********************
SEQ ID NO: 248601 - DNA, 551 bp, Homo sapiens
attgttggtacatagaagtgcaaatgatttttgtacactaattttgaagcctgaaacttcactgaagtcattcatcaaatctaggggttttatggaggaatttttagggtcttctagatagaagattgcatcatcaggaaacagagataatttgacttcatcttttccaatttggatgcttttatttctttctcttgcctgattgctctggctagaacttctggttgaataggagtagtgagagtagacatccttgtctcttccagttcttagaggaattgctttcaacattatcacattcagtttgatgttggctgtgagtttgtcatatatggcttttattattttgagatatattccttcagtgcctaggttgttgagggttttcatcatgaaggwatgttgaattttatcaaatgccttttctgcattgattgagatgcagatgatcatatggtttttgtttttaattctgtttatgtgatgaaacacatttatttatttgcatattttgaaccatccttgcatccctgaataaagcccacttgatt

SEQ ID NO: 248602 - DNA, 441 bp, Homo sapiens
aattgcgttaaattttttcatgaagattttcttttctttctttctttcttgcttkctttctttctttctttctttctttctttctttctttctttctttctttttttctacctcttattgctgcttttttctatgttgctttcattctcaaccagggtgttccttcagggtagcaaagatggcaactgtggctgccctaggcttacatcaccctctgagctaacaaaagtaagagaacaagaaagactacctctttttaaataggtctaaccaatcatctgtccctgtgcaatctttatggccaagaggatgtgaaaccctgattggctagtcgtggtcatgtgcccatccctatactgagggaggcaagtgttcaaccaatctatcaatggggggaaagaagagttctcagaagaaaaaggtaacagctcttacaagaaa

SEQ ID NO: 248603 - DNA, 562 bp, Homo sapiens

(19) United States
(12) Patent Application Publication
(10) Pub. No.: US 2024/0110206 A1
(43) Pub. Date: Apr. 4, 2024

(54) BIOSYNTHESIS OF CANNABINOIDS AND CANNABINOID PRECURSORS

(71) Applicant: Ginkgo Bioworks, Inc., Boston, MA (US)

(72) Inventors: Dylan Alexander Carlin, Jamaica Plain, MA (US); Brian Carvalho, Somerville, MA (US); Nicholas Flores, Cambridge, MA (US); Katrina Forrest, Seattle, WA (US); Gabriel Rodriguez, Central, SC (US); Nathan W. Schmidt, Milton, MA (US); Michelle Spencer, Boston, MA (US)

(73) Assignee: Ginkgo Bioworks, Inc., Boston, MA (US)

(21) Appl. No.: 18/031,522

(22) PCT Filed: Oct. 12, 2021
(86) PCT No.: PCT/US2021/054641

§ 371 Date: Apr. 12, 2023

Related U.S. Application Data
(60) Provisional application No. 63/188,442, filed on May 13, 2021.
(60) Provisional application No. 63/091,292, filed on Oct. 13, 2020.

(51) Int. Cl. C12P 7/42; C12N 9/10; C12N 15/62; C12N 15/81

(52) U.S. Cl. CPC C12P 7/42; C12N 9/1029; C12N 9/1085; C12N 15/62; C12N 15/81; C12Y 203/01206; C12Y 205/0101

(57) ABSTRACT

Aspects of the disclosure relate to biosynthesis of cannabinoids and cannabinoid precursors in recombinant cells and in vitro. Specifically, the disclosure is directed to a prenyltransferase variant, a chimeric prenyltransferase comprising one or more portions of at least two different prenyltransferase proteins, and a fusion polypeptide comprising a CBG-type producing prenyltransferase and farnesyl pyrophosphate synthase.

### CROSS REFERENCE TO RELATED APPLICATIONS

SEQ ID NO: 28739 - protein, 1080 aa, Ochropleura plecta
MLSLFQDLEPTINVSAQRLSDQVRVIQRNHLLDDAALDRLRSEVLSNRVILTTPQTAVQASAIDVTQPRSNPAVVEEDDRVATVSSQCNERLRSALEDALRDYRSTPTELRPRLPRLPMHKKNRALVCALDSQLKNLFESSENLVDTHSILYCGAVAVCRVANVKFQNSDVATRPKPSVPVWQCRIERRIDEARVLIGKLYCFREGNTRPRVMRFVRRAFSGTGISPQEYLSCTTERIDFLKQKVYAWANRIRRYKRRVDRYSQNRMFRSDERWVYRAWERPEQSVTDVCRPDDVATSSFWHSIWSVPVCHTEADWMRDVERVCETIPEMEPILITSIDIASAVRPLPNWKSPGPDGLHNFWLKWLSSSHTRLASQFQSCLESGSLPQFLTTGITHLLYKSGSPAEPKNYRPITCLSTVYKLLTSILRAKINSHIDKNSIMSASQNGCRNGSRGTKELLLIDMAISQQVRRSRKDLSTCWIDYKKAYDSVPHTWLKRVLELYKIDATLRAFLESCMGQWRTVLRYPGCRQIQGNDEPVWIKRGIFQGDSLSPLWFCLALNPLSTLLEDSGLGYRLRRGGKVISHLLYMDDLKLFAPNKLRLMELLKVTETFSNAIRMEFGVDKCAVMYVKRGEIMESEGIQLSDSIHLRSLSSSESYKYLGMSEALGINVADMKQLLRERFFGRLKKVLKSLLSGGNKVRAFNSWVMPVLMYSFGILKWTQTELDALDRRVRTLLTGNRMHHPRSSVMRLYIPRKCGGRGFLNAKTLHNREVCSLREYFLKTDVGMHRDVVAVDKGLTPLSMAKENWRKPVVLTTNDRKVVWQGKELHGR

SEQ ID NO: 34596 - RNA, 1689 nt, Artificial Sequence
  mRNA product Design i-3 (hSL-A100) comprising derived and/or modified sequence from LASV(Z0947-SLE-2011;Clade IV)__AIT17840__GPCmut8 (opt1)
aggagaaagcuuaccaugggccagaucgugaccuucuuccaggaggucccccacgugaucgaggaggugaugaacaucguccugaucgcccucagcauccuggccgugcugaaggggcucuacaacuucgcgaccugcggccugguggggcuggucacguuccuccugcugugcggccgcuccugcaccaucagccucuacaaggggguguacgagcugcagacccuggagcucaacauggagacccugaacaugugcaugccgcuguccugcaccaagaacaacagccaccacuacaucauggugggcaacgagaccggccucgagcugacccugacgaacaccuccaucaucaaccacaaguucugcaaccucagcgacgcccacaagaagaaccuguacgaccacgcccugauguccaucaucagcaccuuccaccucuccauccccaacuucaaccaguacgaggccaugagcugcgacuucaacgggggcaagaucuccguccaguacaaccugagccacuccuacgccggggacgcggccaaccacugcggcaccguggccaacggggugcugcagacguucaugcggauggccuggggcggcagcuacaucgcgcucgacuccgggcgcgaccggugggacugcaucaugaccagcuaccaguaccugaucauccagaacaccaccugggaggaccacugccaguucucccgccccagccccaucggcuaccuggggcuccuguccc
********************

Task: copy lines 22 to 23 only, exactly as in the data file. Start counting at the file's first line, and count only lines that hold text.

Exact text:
(52) U.S. Cl. CPC C12P 7/42; C12N 9/1029; C12N 9/1085; C12N 15/62; C12N 15/81; C12Y 203/01206; C12Y 205/0101

(57) ABSTRACT